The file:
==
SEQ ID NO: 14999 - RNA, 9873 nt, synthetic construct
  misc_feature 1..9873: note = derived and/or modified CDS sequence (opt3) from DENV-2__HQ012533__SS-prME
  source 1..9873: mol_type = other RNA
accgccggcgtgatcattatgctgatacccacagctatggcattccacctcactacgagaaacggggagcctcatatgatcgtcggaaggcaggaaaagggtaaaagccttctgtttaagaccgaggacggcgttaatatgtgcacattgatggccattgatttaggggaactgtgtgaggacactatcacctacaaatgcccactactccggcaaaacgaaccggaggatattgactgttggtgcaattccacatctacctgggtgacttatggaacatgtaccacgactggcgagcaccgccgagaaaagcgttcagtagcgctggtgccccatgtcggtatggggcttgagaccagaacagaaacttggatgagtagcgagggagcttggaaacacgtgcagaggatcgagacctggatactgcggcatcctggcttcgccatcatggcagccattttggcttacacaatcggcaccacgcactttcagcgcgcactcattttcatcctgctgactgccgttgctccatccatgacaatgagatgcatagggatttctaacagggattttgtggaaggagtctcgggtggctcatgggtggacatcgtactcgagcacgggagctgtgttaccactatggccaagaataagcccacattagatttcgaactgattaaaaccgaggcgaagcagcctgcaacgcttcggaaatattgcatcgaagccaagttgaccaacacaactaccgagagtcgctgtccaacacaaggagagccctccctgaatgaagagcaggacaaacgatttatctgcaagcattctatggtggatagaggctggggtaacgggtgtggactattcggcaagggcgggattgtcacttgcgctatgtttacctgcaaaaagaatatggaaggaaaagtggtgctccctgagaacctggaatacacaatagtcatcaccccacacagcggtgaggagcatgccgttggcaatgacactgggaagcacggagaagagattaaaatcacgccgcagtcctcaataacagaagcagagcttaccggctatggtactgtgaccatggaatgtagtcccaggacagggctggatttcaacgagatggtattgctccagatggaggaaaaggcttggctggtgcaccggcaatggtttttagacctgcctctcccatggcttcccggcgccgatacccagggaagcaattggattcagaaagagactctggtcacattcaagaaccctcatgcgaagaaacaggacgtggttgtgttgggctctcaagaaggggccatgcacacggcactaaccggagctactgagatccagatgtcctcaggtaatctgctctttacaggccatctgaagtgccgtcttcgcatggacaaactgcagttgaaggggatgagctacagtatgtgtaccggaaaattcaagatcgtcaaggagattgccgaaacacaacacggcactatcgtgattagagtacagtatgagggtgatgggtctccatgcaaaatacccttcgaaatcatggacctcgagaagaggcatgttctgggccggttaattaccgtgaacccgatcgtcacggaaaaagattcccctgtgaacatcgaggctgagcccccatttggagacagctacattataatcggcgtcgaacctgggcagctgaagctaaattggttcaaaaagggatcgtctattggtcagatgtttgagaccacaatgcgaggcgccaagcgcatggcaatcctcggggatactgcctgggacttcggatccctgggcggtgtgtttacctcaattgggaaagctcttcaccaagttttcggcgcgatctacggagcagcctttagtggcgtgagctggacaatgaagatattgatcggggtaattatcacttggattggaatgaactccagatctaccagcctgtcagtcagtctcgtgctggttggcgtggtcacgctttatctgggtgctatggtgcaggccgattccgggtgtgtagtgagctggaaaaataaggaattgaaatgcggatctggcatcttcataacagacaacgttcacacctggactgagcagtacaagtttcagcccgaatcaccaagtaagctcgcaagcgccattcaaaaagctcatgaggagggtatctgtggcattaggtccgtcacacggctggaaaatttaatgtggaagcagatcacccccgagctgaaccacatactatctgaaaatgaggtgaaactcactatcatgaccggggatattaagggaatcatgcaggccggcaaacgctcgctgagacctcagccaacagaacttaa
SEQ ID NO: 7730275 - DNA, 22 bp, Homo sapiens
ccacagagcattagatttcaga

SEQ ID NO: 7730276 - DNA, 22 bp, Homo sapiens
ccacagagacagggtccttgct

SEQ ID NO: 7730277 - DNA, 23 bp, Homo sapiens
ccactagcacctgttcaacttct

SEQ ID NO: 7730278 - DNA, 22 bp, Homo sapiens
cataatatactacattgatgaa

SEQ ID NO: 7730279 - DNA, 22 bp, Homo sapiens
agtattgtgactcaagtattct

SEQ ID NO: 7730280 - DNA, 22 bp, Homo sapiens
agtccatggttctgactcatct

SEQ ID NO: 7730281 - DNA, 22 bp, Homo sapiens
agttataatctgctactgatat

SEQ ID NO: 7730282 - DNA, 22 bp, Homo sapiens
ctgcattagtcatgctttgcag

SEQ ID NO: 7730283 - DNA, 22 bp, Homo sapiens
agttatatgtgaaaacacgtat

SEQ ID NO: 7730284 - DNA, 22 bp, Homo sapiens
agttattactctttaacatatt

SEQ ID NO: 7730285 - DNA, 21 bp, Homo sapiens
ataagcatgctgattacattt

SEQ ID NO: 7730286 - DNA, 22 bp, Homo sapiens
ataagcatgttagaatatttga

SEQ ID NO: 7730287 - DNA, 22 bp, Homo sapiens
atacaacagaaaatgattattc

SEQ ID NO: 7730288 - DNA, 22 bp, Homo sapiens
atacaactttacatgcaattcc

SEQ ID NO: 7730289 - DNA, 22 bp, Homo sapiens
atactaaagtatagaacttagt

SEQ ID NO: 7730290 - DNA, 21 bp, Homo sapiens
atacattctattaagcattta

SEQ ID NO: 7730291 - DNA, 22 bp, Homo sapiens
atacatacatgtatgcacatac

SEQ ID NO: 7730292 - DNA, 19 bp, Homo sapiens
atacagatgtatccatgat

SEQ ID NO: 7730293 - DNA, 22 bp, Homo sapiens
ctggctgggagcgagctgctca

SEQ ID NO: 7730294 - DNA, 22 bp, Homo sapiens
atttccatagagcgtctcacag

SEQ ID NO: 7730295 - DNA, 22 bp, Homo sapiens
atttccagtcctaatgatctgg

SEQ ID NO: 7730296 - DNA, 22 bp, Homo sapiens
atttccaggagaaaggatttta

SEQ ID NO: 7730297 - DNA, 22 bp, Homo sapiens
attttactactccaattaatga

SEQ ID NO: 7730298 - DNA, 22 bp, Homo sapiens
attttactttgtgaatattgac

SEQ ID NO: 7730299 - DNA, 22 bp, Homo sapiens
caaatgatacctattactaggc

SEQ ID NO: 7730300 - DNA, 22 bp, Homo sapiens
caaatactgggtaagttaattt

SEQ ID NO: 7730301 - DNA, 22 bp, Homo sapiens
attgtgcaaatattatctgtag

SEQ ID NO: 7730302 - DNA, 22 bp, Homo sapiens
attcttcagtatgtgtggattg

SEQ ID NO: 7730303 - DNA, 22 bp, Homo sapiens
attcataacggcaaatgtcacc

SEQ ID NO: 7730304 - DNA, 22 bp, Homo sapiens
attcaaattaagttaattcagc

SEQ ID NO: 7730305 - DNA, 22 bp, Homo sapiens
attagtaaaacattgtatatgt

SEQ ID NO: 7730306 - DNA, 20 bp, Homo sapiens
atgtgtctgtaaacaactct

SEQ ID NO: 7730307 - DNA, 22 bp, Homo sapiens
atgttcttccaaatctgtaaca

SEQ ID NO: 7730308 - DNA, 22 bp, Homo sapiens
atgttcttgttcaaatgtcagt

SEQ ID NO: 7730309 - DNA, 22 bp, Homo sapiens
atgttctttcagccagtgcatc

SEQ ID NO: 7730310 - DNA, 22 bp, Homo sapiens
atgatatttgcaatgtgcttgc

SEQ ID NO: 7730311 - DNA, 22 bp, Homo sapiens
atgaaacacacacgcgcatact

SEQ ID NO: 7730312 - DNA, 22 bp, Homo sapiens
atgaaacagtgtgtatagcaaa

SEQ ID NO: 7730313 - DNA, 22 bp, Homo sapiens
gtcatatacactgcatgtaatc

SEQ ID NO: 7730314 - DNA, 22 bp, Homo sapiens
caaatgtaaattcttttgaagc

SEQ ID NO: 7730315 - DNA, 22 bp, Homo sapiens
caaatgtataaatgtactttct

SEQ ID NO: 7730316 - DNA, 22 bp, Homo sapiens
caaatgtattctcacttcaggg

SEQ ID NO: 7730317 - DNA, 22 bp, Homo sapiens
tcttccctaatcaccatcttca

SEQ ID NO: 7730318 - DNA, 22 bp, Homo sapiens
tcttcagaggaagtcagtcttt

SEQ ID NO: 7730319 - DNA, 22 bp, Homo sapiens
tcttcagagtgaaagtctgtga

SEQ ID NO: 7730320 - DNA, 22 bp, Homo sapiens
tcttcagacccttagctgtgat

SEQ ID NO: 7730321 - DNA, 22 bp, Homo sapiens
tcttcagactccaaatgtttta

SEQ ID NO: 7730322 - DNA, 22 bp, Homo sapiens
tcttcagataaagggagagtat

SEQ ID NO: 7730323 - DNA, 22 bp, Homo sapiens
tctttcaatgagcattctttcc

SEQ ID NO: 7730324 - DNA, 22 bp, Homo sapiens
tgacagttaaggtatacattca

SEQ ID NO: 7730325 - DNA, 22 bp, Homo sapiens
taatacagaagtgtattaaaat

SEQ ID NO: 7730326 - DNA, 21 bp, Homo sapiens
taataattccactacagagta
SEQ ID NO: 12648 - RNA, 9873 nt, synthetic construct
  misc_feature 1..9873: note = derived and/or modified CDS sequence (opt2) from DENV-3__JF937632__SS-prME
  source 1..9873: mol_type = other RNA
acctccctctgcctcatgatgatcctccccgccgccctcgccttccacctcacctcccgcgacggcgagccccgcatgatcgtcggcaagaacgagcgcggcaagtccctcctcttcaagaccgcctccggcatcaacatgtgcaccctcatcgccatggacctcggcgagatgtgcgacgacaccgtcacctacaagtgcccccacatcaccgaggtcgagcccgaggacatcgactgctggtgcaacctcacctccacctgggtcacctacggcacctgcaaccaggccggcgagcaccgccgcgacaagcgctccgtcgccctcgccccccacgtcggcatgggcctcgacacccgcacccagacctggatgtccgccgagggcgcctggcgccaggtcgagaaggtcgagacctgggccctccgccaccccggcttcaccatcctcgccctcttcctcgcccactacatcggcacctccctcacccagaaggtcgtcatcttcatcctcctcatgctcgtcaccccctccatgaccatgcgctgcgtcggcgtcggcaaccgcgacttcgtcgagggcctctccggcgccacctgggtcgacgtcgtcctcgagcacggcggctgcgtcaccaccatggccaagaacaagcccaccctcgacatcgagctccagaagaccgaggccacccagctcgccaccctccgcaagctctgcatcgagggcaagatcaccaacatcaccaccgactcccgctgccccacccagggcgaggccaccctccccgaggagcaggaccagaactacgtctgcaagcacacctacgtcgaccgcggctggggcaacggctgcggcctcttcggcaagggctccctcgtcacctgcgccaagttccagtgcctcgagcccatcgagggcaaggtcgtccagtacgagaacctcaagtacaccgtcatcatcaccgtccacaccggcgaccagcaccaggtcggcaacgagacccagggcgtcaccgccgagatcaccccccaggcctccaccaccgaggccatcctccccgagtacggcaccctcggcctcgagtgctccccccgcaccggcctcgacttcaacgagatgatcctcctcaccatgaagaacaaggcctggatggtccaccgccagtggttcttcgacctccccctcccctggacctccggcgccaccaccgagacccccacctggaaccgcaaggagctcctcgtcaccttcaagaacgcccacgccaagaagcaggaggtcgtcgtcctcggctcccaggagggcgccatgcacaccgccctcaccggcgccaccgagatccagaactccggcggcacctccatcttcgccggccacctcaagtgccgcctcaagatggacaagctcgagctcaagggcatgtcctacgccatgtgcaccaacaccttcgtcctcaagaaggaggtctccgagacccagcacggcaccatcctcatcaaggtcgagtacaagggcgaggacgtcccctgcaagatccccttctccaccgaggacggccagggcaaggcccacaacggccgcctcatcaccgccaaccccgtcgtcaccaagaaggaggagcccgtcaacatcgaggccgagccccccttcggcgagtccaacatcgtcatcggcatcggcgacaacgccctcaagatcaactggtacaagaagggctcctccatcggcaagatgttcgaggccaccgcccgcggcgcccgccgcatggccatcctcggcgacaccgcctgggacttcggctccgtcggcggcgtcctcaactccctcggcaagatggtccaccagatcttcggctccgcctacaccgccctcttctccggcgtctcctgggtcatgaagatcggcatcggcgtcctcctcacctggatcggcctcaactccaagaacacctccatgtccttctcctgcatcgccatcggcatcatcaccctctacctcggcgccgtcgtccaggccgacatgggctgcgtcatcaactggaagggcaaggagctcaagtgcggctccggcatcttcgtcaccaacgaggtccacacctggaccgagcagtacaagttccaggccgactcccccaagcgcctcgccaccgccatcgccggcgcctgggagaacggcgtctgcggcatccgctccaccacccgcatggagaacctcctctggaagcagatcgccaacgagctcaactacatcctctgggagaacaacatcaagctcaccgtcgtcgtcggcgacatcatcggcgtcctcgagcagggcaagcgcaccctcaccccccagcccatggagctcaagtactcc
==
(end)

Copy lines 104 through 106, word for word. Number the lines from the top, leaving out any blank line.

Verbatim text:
tgacagttaaggtatacattca

SEQ ID NO: 7730325 - DNA, 22 bp, Homo sapiens
taatacagaagtgtattaaaat